N.C. woman sentenced to time served in prostitution ring case

Matthew Lane • Aug 29, 2013 at 11:10 PM

GREENEVILLE — A North Carolina woman who drove three young women to Nashville last fall to be prostitutes has about two more weeks of incarceration before being released.

Alexandra Nicole Berte, 20, of Midway Park, N.C., was charged in a two-count indictment in U.S. District Court in Greeneville in October 2012. The charges include transporting individuals for prostitution and inducing travel to engage in prostitution.

Berte, who has been detained since her arrest, agreed to plead guilty to the transporting charge back in April. During a sentencing hearing on Thursday, U.S. District Judge Ronnie Greer sentenced Berte to time served as of Sept. 13. Greer also ordered Berte to be on home detention with electronic monitoring for six months, complete the requirements for a GED and be on supervised release for three years. She faced a maximum sentence of 10 years in prison.

Greer imposed no fine, but ruled Berte must forfeit the $400 cash and 37 gift cards seized during her arrest.

According to court records, Tennessee Highway Patrol officers stopped Berte for speeding on Interstate 40 in Cocke County in September 2012.

Berte was traveling with three women, ages 18, 27 and 29, to Nashville to engage in prostitution.

Berte told the troopers the vehicle was a rental car, though the man the vehicle was leased to was not present in the vehicle and in fact, the rental was overdue. Troopers then ran Berte’s name through the FBI’s National Crime Information Center and discovered she was reported missing by the Wilmington, N.C., Police Department.

“Berte appeared extremely nervous (to the troopers) and could identify one passenger in her car ... and claimed she did not know the identities of the two passengers in the back seat,” court records state.

After noticing several other suspicious indicators, troopers gained consent to search the vehicle and found $400 in cash, 37 gift cards, a small quantity of marijuana and five cell phones with calls and text messages indicative of prostitution.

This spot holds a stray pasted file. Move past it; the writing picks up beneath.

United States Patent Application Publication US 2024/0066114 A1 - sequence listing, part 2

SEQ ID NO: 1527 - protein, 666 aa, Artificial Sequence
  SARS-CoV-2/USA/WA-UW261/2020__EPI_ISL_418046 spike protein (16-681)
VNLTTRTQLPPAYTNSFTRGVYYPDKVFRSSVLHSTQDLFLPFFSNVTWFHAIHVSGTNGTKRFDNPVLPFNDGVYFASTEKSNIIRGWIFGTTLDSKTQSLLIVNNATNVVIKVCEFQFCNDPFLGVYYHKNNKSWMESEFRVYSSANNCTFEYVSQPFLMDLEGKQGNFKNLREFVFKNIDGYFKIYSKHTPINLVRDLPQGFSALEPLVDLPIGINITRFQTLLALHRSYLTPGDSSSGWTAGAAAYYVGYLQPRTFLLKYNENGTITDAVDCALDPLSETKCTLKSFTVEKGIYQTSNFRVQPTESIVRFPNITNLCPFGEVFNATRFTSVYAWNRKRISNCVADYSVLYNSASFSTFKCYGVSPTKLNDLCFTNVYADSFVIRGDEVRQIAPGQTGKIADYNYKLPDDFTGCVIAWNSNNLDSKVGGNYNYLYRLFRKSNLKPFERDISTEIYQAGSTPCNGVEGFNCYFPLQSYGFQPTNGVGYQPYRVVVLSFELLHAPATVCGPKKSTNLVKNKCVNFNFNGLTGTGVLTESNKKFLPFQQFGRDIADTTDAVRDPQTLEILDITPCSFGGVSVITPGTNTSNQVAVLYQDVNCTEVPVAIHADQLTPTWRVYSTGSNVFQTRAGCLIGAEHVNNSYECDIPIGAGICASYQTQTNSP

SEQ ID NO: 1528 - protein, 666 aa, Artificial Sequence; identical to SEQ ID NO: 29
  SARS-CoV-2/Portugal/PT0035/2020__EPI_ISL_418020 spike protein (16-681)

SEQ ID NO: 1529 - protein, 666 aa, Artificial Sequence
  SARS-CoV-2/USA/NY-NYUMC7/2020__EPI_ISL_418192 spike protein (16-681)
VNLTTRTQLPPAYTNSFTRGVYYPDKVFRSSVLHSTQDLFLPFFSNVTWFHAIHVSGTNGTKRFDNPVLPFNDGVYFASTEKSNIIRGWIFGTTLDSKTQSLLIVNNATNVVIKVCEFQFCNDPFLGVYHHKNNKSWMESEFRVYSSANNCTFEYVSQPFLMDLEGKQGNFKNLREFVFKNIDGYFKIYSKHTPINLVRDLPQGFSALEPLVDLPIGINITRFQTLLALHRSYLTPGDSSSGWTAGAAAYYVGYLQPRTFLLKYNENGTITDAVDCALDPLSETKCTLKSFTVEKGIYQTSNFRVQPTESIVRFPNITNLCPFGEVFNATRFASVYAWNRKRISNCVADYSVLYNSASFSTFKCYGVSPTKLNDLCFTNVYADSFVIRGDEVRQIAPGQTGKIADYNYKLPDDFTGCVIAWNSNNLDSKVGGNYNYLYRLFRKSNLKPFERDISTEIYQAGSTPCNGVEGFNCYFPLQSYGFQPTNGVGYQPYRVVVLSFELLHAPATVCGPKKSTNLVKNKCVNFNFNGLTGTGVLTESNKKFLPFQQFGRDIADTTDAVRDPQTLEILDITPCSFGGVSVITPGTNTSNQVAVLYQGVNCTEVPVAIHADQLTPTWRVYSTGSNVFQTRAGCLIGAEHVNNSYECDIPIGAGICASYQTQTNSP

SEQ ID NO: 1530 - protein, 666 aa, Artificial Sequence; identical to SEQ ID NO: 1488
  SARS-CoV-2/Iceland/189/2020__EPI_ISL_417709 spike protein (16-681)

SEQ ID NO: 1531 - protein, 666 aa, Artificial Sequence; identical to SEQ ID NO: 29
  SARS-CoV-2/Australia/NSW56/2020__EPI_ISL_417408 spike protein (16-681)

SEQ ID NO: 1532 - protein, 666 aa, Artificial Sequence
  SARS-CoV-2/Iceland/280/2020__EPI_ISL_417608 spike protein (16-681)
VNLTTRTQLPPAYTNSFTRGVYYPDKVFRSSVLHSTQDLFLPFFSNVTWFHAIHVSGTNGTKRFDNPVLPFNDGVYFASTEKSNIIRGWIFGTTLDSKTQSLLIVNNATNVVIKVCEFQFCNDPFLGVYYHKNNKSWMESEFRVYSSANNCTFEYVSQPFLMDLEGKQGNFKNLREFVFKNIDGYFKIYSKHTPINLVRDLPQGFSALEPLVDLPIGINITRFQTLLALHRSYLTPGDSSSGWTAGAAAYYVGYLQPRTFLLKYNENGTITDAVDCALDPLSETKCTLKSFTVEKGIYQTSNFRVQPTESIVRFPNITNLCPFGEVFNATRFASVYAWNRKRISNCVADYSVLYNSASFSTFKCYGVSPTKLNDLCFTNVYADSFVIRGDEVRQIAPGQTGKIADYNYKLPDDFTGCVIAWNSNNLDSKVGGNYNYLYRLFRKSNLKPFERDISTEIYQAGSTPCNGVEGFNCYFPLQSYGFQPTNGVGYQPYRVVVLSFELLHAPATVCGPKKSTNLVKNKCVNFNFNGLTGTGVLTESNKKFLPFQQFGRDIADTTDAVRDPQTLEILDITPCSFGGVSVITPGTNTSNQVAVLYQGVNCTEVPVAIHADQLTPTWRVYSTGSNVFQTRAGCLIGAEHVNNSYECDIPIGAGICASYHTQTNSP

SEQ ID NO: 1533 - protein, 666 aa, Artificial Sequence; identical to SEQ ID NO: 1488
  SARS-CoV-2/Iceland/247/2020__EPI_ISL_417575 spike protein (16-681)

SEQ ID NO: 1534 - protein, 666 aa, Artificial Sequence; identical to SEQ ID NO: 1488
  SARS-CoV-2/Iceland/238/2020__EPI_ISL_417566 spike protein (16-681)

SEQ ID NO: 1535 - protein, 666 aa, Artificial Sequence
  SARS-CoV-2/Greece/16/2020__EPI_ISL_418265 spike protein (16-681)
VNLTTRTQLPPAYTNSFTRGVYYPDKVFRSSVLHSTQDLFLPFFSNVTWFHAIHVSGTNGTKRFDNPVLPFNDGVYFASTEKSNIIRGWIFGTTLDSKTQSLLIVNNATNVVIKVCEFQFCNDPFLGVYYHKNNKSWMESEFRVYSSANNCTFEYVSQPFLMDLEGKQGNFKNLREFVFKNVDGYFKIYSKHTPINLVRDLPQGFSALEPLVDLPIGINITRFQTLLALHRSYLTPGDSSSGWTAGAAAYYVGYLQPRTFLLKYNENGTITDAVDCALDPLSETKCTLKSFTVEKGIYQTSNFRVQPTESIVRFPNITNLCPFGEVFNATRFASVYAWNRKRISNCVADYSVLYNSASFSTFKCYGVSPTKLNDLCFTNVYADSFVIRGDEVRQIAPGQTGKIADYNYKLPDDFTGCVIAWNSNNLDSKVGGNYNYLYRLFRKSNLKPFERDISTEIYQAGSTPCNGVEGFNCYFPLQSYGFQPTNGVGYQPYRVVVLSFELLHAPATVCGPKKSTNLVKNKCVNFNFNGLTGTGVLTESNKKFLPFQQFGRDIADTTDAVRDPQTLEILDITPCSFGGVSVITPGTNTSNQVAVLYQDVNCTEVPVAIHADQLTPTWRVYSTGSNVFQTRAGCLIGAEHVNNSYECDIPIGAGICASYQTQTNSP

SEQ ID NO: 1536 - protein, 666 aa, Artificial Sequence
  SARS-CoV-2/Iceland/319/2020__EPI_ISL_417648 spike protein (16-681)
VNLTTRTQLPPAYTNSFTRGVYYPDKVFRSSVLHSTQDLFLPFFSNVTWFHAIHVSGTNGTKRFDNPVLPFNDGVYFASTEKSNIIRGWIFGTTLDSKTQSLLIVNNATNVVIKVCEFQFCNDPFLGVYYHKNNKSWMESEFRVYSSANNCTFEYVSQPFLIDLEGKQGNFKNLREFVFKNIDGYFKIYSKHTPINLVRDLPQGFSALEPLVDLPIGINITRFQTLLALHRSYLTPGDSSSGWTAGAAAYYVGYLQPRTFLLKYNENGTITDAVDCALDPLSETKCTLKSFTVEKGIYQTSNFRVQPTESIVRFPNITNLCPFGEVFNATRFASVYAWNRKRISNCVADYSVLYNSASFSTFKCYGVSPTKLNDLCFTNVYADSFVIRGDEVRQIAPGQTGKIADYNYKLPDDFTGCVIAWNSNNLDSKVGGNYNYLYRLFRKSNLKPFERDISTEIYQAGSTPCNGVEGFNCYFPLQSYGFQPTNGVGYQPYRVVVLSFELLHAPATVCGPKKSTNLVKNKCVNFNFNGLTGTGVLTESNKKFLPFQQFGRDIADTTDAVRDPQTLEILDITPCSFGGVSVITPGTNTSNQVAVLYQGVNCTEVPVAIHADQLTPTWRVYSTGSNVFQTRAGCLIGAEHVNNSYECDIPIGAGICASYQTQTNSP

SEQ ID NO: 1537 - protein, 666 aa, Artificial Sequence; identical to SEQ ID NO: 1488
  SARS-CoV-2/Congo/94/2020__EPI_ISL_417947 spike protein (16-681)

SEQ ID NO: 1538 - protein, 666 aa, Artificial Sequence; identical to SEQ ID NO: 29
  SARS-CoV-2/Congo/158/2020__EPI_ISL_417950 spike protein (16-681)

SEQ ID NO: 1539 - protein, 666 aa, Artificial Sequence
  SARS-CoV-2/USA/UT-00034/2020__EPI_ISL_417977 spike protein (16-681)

“Multiple photographs of (Berte), holding large sums of American currency, standing with her boss pimp and other prostitutes, establish her role in the criminal enterprise,” a sentencing memorandum filed by prosecutors state.

Berte claimed the gift cards were sent to her by her “baby daddy” as child support approved by a North Carolina court. Prosecutors said Berte has an extensive juvenile arrest record, including battery, assault, domestic violence, theft and drugs in Florida, North Carolina and New York.

Later in the day, THP investigators interviewed Berte and the 18-year-old girl and learned more about the prostitution scheme.

Investigators said Berte persuaded the 18-year-old girl to come with her to “make some money,” driving from Lumberton, N.C., to Wilmington, N.C.

A subsequent interview of one of the victims resulted in an inconsistent statement, court records state.

While in Wilmington, the girls stayed at two hotels, and over a three-day period, the 18-year-old provided sexual services to 34 men, charging them each between $120 to $200. Prosecutors said the 18-year-old asked Berte to take her home but that she refused and kept all of the money earned by the girls.

According to the plea agreement, Berte became a prostitute some time during 2011 and operated makeshift brothels in hotels in Wilmington and Winston-Salem, N.C., prior to the attempted trip to Nashville.

In a sentencing memorandum filed by Berte’s attorney, the breakdown of Berte’s parents’ marriage in 1999 and the resulting, bitter divorce had a negative and devastating impact on her. Over the next seven years, there were reports made to the State of Florida (where the family lived) of possible sexual and physical abuse, substance abuse, trauma related to family violence, parental neglect, and a report of Berte witnessing an abusive altercation between her mother and her mother’s boyfriend.

At age 14, Berte was placed in state custody for the next four years and a psychological examiner described her as a child with “Emotional Behavioral Disabilities.”

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